The atlas vertebra stands out for its unique structure, which takes the form of a ring without a vertebral body. It connects to the occiput above and the axis below via lateral masses that have corresponding condyles.

The odontoid process, also known as the dens, is a feature of the axis vertebra that emerged as a result of the fusion between the C1 body and the axis body, giving C2 its distinct identity. The median atlantoaxial joint enables the head to rotate freely without any need for the trunk to move.

Lower Cervical Spine (C3-C7)

The spinal column’s vertebral joints merge vertebral foramina to form the spinal canal, while intervertebral foramina are formed on each side of every vertebra pair. These foramina act as exit pathways for spinal nerve rootlets. C1-C7 rootlets exit the spinal canal through the superior notch of their corresponding cervical vertebrae, while C8 rootlets exit through the inferior notch of the C7 vertebra.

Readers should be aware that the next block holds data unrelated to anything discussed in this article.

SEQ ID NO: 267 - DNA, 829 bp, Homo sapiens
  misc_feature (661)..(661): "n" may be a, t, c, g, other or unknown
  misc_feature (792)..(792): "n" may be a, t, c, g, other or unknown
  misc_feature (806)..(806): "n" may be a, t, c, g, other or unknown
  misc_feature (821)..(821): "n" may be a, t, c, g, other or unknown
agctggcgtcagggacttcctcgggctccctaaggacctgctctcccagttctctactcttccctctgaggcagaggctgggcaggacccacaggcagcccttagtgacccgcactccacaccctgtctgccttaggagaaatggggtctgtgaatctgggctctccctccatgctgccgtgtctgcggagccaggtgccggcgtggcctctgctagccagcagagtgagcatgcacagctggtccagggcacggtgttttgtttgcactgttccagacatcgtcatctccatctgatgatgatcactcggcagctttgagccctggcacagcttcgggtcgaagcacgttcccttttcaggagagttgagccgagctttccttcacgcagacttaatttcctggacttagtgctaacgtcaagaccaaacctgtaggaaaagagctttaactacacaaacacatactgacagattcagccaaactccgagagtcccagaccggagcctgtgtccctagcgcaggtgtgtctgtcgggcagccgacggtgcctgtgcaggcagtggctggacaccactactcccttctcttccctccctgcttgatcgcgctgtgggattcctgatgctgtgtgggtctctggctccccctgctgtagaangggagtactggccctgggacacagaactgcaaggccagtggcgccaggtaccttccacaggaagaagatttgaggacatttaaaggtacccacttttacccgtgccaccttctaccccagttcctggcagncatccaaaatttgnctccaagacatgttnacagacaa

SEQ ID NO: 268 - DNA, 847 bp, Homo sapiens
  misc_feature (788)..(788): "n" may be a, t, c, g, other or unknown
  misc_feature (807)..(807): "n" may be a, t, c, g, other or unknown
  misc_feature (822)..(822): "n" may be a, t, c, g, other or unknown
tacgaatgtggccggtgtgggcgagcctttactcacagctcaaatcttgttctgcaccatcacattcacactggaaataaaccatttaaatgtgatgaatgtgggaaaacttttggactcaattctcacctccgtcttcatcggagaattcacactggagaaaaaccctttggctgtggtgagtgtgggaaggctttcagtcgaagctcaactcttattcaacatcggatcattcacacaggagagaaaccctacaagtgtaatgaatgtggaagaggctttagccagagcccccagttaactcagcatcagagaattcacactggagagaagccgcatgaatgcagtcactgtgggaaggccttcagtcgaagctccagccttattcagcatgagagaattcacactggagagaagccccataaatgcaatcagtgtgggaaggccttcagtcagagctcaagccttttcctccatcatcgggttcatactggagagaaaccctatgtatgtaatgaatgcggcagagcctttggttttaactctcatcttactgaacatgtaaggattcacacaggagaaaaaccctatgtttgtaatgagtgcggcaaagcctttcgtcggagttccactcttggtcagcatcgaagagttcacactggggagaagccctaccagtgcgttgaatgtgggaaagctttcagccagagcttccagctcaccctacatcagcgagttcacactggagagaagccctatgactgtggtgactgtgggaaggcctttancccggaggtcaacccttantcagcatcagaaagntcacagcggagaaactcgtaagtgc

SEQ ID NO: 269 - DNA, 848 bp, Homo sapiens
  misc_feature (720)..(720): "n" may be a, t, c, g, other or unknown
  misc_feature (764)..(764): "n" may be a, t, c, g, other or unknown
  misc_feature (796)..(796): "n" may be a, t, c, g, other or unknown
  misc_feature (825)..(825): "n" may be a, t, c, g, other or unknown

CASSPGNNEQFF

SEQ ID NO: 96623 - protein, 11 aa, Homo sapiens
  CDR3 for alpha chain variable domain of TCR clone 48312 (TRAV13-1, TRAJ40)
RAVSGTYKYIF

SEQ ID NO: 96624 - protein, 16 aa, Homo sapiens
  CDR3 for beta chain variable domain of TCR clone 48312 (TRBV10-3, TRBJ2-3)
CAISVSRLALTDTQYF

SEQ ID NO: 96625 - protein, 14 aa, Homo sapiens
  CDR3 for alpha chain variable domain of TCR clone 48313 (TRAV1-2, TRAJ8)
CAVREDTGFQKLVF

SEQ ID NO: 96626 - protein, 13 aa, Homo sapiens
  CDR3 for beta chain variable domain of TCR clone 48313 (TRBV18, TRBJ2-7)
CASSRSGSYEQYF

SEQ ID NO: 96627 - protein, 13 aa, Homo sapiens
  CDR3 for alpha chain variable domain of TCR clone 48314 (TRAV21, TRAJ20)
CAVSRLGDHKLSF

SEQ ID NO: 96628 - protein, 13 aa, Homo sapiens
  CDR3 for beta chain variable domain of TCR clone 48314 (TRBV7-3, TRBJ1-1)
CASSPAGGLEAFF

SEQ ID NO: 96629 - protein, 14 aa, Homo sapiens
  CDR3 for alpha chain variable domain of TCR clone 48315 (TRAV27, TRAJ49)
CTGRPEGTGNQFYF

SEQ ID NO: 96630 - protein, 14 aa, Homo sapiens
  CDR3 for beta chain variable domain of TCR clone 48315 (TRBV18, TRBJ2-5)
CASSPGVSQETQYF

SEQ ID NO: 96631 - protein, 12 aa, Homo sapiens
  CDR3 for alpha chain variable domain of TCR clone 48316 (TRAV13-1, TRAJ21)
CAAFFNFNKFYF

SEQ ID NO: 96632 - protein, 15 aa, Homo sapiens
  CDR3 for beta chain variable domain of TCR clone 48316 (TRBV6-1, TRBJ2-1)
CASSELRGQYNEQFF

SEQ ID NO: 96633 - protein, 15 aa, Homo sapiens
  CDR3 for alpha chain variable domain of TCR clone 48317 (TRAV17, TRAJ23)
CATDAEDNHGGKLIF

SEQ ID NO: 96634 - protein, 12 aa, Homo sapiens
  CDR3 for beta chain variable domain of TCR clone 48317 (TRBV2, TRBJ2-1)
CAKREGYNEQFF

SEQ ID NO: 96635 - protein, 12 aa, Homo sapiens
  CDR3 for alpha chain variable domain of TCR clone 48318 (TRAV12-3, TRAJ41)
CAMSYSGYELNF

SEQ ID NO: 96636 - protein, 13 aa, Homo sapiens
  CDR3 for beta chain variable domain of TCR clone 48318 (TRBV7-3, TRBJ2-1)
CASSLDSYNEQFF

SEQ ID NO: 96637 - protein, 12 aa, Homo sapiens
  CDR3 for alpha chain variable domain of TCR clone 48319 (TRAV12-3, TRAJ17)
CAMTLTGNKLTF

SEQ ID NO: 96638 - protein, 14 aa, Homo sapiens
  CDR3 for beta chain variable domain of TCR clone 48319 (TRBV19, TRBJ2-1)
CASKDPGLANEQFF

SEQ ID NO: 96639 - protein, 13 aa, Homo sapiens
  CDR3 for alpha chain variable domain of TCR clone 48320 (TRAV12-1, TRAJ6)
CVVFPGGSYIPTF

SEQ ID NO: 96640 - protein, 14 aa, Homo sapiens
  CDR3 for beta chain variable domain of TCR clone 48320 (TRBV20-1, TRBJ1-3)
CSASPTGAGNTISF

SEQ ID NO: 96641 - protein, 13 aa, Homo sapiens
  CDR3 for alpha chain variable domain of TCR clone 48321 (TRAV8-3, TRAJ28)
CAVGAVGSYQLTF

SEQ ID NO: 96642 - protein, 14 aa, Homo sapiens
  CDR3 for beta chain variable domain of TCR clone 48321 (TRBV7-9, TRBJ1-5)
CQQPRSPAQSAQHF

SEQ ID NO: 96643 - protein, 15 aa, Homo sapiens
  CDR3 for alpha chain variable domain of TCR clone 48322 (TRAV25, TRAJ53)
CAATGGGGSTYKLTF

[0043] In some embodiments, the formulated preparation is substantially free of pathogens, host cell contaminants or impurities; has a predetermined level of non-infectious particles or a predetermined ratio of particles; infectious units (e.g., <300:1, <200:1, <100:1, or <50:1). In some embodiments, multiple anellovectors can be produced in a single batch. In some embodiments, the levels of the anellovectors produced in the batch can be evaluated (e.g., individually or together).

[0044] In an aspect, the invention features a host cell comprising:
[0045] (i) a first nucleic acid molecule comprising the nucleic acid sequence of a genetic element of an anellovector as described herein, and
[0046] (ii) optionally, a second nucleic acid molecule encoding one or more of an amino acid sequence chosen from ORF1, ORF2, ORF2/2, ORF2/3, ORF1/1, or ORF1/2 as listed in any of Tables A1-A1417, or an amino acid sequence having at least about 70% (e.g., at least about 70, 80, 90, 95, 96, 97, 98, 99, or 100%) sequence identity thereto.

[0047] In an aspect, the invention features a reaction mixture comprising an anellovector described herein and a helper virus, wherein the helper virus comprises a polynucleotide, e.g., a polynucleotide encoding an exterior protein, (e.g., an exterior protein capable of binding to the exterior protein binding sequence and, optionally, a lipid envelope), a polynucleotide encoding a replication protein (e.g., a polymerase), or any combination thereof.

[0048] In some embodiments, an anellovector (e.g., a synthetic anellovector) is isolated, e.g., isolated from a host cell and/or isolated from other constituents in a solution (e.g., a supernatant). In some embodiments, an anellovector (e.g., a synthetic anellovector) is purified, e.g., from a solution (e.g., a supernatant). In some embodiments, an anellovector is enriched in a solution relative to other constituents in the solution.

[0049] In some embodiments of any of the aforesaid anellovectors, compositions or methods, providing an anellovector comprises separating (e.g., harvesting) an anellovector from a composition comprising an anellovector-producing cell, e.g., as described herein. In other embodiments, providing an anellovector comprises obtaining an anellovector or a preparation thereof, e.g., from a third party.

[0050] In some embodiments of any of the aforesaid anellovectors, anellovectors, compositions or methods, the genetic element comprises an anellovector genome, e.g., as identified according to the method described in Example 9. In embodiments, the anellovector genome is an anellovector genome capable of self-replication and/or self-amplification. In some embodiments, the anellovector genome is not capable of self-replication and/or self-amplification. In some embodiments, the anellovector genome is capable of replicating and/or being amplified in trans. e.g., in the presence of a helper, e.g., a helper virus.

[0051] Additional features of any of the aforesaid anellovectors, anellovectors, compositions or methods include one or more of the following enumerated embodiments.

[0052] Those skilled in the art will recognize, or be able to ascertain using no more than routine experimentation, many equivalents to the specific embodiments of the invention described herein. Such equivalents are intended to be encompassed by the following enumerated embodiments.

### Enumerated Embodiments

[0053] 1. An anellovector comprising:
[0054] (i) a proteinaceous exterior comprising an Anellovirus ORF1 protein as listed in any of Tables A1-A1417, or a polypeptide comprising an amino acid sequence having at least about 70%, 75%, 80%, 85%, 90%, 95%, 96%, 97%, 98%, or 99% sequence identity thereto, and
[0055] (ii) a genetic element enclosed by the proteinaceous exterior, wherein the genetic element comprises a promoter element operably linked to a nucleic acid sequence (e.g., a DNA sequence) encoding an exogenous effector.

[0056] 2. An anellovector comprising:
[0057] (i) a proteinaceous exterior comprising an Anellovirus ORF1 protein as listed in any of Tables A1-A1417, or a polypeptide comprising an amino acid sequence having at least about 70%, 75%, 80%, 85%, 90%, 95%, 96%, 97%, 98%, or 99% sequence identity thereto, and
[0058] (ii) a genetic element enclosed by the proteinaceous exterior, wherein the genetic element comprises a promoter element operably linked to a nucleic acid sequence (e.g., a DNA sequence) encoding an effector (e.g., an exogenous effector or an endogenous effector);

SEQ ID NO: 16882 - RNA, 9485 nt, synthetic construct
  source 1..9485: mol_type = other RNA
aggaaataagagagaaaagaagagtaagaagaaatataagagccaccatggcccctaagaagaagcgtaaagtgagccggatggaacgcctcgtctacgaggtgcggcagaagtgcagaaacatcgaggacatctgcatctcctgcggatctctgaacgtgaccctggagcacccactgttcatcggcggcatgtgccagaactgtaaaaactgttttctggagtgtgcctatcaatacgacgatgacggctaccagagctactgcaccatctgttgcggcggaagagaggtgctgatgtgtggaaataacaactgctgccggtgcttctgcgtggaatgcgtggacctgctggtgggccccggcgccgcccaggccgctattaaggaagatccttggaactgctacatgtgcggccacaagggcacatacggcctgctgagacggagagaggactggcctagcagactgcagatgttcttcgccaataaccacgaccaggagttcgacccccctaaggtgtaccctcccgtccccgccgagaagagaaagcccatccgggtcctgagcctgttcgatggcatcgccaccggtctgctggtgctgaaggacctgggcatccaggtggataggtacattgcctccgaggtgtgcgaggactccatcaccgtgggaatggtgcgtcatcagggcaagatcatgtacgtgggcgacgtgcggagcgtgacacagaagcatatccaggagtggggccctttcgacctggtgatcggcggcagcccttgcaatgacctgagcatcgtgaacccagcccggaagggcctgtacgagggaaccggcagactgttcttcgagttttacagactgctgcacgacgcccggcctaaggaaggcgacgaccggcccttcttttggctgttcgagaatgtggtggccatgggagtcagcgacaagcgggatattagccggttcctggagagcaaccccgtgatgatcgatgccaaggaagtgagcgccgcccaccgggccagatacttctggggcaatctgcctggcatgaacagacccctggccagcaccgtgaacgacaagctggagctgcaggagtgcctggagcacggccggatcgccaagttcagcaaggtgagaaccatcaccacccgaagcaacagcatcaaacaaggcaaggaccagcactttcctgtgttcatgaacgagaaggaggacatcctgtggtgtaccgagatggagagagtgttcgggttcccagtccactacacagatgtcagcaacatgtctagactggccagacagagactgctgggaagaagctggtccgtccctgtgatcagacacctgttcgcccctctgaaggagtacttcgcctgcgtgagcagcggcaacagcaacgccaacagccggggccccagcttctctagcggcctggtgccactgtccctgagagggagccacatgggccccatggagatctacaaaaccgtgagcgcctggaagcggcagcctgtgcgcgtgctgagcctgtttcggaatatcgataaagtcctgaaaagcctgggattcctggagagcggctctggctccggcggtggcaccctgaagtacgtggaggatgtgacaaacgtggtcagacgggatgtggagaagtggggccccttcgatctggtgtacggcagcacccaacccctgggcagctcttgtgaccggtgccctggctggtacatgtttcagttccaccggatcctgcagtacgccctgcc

The spinal column’s vertebral joints merge vertebral foramina into a single canal referred to as the spinal canal, while intervertebral foramina are formed on each side of every vertebra pair. The neuroforamen or intervertebral foramen is formed by the superior and inferior notches of the corresponding vertebrae and serves as an exit pathway for the rootlets of spinal nerves.

The rootlets of the first seven pairs of cervical spinal nerves (C1-C7) exit the spinal canal through the superior notch of their corresponding cervical vertebrae, while the rootlets of the eighth pair (C8) exit through the inferior notch of the C7 vertebra.

Ligaments

The spinal column has several ligaments throughout its length, but the cervical spine has unique ligaments not found in other regions. Ligaments such as anterior and posterior longitudinal, ligamentum flavum, and interspinous are present at every vertebral level, while the nuchal ligament and transverse ligament of the atlas are exclusive to the cervical spine.